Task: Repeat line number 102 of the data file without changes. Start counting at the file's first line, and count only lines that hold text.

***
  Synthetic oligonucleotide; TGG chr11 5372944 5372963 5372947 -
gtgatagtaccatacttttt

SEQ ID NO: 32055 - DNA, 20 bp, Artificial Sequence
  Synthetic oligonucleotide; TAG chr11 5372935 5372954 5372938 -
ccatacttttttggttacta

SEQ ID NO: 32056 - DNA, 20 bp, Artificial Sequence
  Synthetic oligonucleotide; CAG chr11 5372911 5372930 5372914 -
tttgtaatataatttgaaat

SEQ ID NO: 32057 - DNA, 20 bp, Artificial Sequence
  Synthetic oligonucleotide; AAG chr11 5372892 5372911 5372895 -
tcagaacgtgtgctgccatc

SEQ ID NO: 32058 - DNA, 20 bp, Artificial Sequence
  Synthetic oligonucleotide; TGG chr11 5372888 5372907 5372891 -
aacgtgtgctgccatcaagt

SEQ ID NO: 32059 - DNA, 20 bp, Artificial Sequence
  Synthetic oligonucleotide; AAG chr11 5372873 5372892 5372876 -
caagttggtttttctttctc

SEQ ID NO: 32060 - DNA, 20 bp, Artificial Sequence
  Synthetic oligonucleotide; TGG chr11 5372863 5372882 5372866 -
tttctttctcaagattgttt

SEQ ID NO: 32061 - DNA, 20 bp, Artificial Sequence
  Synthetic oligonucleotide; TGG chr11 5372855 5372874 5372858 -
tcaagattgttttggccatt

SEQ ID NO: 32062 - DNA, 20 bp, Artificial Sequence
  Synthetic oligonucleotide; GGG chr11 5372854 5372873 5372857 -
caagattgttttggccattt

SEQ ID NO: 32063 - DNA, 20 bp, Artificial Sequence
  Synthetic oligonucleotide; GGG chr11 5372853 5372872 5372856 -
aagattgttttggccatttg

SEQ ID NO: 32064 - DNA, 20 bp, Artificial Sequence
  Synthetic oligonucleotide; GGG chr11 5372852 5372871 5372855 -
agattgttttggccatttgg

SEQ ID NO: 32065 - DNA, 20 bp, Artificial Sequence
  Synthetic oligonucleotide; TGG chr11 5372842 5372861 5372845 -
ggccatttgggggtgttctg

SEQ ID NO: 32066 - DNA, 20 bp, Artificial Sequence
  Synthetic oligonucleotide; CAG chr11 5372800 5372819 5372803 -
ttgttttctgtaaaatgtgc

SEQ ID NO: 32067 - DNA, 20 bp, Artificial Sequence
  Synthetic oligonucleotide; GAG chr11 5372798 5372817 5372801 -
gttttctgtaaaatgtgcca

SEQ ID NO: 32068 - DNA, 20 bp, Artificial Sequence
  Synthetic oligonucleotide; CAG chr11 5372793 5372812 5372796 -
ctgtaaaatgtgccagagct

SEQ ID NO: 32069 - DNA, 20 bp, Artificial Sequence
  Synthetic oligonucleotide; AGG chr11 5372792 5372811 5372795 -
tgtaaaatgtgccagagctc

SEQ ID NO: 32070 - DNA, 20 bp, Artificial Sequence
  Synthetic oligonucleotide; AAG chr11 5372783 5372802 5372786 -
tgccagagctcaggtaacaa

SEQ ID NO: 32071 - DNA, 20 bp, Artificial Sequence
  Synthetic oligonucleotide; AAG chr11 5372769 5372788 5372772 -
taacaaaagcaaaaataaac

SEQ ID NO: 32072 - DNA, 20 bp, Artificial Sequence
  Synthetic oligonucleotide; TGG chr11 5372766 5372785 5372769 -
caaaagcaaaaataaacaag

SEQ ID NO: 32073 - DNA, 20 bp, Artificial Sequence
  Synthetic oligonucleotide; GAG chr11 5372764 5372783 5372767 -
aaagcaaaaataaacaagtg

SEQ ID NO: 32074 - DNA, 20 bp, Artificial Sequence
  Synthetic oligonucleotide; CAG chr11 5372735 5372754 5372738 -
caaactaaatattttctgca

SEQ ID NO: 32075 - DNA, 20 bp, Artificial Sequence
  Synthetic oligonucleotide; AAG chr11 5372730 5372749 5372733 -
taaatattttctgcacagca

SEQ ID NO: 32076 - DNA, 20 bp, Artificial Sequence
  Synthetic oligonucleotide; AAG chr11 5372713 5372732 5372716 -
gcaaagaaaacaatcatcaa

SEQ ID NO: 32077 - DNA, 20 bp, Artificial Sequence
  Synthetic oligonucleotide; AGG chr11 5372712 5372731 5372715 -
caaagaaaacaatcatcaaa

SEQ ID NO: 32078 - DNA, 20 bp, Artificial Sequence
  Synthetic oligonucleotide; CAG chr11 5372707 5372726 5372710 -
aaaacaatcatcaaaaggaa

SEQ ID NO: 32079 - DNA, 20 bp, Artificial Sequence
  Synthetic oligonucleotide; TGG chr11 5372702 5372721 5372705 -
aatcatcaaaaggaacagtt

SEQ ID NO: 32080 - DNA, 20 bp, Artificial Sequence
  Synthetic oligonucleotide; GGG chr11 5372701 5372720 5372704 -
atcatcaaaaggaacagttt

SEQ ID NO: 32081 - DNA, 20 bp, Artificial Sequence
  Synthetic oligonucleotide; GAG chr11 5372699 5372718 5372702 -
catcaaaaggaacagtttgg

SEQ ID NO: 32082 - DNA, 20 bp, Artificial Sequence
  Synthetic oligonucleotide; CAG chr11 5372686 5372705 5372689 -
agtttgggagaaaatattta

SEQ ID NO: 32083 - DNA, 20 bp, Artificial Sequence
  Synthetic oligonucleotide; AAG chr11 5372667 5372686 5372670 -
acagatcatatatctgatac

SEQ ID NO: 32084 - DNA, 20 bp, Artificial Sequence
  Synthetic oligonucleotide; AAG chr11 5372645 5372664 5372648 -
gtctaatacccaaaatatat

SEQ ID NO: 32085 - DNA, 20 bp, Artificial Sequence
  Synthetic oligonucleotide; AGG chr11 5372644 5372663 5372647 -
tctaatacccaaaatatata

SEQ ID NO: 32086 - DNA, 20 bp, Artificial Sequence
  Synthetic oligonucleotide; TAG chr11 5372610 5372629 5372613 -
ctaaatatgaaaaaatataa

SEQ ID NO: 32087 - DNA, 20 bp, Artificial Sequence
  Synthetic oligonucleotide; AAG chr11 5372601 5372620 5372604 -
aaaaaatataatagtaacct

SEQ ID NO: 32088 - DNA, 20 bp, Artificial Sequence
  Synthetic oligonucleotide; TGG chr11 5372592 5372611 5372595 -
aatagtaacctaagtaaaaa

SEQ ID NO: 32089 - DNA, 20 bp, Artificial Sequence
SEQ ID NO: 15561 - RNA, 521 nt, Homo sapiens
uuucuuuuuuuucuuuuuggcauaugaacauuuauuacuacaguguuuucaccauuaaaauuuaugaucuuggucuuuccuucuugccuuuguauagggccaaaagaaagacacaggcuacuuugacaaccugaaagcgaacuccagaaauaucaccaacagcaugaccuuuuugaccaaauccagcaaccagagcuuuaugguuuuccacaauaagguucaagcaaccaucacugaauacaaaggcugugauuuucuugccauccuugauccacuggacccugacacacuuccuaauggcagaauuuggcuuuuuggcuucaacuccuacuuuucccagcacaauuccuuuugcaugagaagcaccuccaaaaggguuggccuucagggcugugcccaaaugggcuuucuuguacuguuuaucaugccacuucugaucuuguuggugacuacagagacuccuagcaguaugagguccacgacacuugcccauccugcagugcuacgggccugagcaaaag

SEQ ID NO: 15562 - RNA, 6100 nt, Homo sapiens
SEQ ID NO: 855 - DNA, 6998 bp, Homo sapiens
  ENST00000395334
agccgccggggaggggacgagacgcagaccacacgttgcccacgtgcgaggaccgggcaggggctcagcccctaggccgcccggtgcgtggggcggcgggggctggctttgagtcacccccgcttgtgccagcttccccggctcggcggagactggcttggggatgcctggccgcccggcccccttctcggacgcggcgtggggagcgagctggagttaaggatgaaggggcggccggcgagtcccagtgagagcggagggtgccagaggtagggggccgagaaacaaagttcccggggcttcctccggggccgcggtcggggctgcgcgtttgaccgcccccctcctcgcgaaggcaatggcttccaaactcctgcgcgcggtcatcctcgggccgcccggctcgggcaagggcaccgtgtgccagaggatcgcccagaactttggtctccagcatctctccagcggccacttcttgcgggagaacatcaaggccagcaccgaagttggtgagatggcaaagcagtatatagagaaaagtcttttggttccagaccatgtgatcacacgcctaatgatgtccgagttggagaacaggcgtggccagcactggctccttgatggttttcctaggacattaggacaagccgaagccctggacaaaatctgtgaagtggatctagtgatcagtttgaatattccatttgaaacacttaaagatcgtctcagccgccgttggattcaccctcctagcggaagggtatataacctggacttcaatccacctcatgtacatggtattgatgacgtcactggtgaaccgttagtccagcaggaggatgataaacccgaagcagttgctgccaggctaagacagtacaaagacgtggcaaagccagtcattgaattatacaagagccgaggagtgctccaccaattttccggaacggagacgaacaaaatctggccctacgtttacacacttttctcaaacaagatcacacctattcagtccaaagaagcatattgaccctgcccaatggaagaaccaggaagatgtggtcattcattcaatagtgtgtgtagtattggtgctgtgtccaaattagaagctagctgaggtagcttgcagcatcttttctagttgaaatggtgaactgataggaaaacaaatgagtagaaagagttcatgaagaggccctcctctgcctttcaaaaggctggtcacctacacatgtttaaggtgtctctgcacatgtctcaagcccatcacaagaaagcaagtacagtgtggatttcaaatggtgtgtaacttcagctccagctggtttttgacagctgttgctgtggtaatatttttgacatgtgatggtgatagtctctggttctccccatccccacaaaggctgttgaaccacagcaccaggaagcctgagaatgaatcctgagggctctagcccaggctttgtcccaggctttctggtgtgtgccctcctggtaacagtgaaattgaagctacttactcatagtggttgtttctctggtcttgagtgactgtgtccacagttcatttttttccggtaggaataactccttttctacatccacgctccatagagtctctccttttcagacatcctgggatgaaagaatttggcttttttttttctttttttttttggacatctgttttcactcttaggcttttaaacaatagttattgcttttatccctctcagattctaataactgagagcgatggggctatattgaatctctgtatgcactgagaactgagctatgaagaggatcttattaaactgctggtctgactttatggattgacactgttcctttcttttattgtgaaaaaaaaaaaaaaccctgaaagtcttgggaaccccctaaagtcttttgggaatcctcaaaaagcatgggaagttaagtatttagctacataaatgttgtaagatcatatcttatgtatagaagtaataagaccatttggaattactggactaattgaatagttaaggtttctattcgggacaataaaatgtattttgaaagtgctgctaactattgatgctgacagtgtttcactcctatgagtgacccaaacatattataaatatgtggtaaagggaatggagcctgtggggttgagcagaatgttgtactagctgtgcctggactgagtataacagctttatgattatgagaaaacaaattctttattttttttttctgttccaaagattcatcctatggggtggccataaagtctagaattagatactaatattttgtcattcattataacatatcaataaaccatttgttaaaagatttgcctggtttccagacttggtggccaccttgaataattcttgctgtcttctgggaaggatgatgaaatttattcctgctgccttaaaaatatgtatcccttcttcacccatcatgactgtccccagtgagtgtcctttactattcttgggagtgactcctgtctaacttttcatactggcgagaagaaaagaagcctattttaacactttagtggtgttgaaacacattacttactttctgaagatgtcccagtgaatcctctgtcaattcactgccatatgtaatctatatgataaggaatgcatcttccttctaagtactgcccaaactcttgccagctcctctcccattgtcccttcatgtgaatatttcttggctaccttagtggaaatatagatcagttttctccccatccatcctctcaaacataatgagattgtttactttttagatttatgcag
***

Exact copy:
SEQ ID NO: 32088 - DNA, 20 bp, Artificial Sequence